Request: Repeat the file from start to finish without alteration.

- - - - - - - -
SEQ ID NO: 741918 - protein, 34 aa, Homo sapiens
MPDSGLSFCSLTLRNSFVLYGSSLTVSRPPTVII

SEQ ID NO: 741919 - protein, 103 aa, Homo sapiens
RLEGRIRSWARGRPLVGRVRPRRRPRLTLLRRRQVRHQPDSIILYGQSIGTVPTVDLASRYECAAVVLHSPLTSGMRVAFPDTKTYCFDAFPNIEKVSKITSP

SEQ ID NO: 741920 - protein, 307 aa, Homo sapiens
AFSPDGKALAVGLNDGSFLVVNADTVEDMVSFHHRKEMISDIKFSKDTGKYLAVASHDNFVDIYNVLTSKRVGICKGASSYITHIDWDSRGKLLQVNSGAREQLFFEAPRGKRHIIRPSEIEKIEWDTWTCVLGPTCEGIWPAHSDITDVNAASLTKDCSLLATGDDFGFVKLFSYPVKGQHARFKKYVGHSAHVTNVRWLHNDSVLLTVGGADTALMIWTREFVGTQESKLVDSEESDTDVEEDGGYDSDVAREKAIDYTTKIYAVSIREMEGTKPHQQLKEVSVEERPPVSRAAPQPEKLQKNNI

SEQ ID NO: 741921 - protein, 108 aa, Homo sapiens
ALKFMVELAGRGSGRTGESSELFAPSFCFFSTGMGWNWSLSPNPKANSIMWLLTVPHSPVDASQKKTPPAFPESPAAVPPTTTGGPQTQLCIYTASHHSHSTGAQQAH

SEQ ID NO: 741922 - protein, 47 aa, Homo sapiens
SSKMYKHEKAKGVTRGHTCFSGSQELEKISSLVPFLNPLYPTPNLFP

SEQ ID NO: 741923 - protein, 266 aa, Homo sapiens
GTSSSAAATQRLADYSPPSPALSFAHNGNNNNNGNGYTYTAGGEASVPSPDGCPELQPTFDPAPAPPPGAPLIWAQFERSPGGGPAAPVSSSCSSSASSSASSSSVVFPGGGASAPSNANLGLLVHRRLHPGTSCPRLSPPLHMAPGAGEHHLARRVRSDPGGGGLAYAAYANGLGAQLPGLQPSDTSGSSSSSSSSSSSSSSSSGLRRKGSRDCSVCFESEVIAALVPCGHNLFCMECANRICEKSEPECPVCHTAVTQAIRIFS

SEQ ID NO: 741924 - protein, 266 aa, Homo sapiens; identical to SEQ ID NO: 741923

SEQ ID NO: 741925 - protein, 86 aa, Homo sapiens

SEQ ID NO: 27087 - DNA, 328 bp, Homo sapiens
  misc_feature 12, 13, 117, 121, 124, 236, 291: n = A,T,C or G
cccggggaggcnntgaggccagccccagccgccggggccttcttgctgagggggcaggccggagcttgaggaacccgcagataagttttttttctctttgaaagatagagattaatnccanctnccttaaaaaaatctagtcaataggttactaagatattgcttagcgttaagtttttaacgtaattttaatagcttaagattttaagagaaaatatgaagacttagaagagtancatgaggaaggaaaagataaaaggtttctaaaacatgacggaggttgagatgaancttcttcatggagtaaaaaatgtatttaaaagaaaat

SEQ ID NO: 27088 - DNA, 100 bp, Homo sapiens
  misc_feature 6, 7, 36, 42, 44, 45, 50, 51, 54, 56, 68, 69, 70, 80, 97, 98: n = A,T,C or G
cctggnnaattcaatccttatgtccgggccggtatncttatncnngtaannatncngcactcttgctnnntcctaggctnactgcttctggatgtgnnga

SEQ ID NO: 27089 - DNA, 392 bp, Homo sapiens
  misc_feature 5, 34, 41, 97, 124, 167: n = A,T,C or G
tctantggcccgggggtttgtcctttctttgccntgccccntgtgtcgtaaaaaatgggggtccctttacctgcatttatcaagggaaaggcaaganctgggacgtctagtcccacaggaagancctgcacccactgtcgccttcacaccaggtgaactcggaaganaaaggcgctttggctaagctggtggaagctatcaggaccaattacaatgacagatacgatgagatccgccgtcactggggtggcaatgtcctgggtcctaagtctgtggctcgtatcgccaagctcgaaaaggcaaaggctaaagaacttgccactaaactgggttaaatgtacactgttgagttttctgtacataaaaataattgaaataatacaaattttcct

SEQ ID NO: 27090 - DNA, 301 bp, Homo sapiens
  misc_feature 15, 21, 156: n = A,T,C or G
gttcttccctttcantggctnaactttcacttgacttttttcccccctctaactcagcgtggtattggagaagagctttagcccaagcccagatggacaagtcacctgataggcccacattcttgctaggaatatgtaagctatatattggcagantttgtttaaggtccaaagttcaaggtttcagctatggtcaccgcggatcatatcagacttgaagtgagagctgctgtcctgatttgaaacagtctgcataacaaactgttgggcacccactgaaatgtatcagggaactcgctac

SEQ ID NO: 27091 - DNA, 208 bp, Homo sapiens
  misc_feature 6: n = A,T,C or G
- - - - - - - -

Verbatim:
SEQ ID NO: 741918 - protein, 34 aa, Homo sapiens
MPDSGLSFCSLTLRNSFVLYGSSLTVSRPPTVII

SEQ ID NO: 741919 - protein, 103 aa, Homo sapiens
RLEGRIRSWARGRPLVGRVRPRRRPRLTLLRRRQVRHQPDSIILYGQSIGTVPTVDLASRYECAAVVLHSPLTSGMRVAFPDTKTYCFDAFPNIEKVSKITSP

SEQ ID NO: 741920 - protein, 307 aa, Homo sapiens
AFSPDGKALAVGLNDGSFLVVNADTVEDMVSFHHRKEMISDIKFSKDTGKYLAVASHDNFVDIYNVLTSKRVGICKGASSYITHIDWDSRGKLLQVNSGAREQLFFEAPRGKRHIIRPSEIEKIEWDTWTCVLGPTCEGIWPAHSDITDVNAASLTKDCSLLATGDDFGFVKLFSYPVKGQHARFKKYVGHSAHVTNVRWLHNDSVLLTVGGADTALMIWTREFVGTQESKLVDSEESDTDVEEDGGYDSDVAREKAIDYTTKIYAVSIREMEGTKPHQQLKEVSVEERPPVSRAAPQPEKLQKNNI

SEQ ID NO: 741921 - protein, 108 aa, Homo sapiens
ALKFMVELAGRGSGRTGESSELFAPSFCFFSTGMGWNWSLSPNPKANSIMWLLTVPHSPVDASQKKTPPAFPESPAAVPPTTTGGPQTQLCIYTASHHSHSTGAQQAH

SEQ ID NO: 741922 - protein, 47 aa, Homo sapiens
SSKMYKHEKAKGVTRGHTCFSGSQELEKISSLVPFLNPLYPTPNLFP

SEQ ID NO: 741923 - protein, 266 aa, Homo sapiens
GTSSSAAATQRLADYSPPSPALSFAHNGNNNNNGNGYTYTAGGEASVPSPDGCPELQPTFDPAPAPPPGAPLIWAQFERSPGGGPAAPVSSSCSSSASSSASSSSVVFPGGGASAPSNANLGLLVHRRLHPGTSCPRLSPPLHMAPGAGEHHLARRVRSDPGGGGLAYAAYANGLGAQLPGLQPSDTSGSSSSSSSSSSSSSSSSGLRRKGSRDCSVCFESEVIAALVPCGHNLFCMECANRICEKSEPECPVCHTAVTQAIRIFS

SEQ ID NO: 741924 - protein, 266 aa, Homo sapiens; identical to SEQ ID NO: 741923

SEQ ID NO: 741925 - protein, 86 aa, Homo sapiens

SEQ ID NO: 27087 - DNA, 328 bp, Homo sapiens
  misc_feature 12, 13, 117, 121, 124, 236, 291: n = A,T,C or G
cccggggaggcnntgaggccagccccagccgccggggccttcttgctgagggggcaggccggagcttgaggaacccgcagataagttttttttctctttgaaagatagagattaatnccanctnccttaaaaaaatctagtcaataggttactaagatattgcttagcgttaagtttttaacgtaattttaatagcttaagattttaagagaaaatatgaagacttagaagagtancatgaggaaggaaaagataaaaggtttctaaaacatgacggaggttgagatgaancttcttcatggagtaaaaaatgtatttaaaagaaaat

SEQ ID NO: 27088 - DNA, 100 bp, Homo sapiens
  misc_feature 6, 7, 36, 42, 44, 45, 50, 51, 54, 56, 68, 69, 70, 80, 97, 98: n = A,T,C or G
cctggnnaattcaatccttatgtccgggccggtatncttatncnngtaannatncngcactcttgctnnntcctaggctnactgcttctggatgtgnnga

SEQ ID NO: 27089 - DNA, 392 bp, Homo sapiens
  misc_feature 5, 34, 41, 97, 124, 167: n = A,T,C or G
tctantggcccgggggtttgtcctttctttgccntgccccntgtgtcgtaaaaaatgggggtccctttacctgcatttatcaagggaaaggcaaganctgggacgtctagtcccacaggaagancctgcacccactgtcgccttcacaccaggtgaactcggaaganaaaggcgctttggctaagctggtggaagctatcaggaccaattacaatgacagatacgatgagatccgccgtcactggggtggcaatgtcctgggtcctaagtctgtggctcgtatcgccaagctcgaaaaggcaaaggctaaagaacttgccactaaactgggttaaatgtacactgttgagttttctgtacataaaaataattgaaataatacaaattttcct

SEQ ID NO: 27090 - DNA, 301 bp, Homo sapiens
  misc_feature 15, 21, 156: n = A,T,C or G
gttcttccctttcantggctnaactttcacttgacttttttcccccctctaactcagcgtggtattggagaagagctttagcccaagcccagatggacaagtcacctgataggcccacattcttgctaggaatatgtaagctatatattggcagantttgtttaaggtccaaagttcaaggtttcagctatggtcaccgcggatcatatcagacttgaagtgagagctgctgtcctgatttgaaacagtctgcataacaaactgttgggcacccactgaaatgtatcagggaactcgctac

SEQ ID NO: 27091 - DNA, 208 bp, Homo sapiens
  misc_feature 6: n = A,T,C or G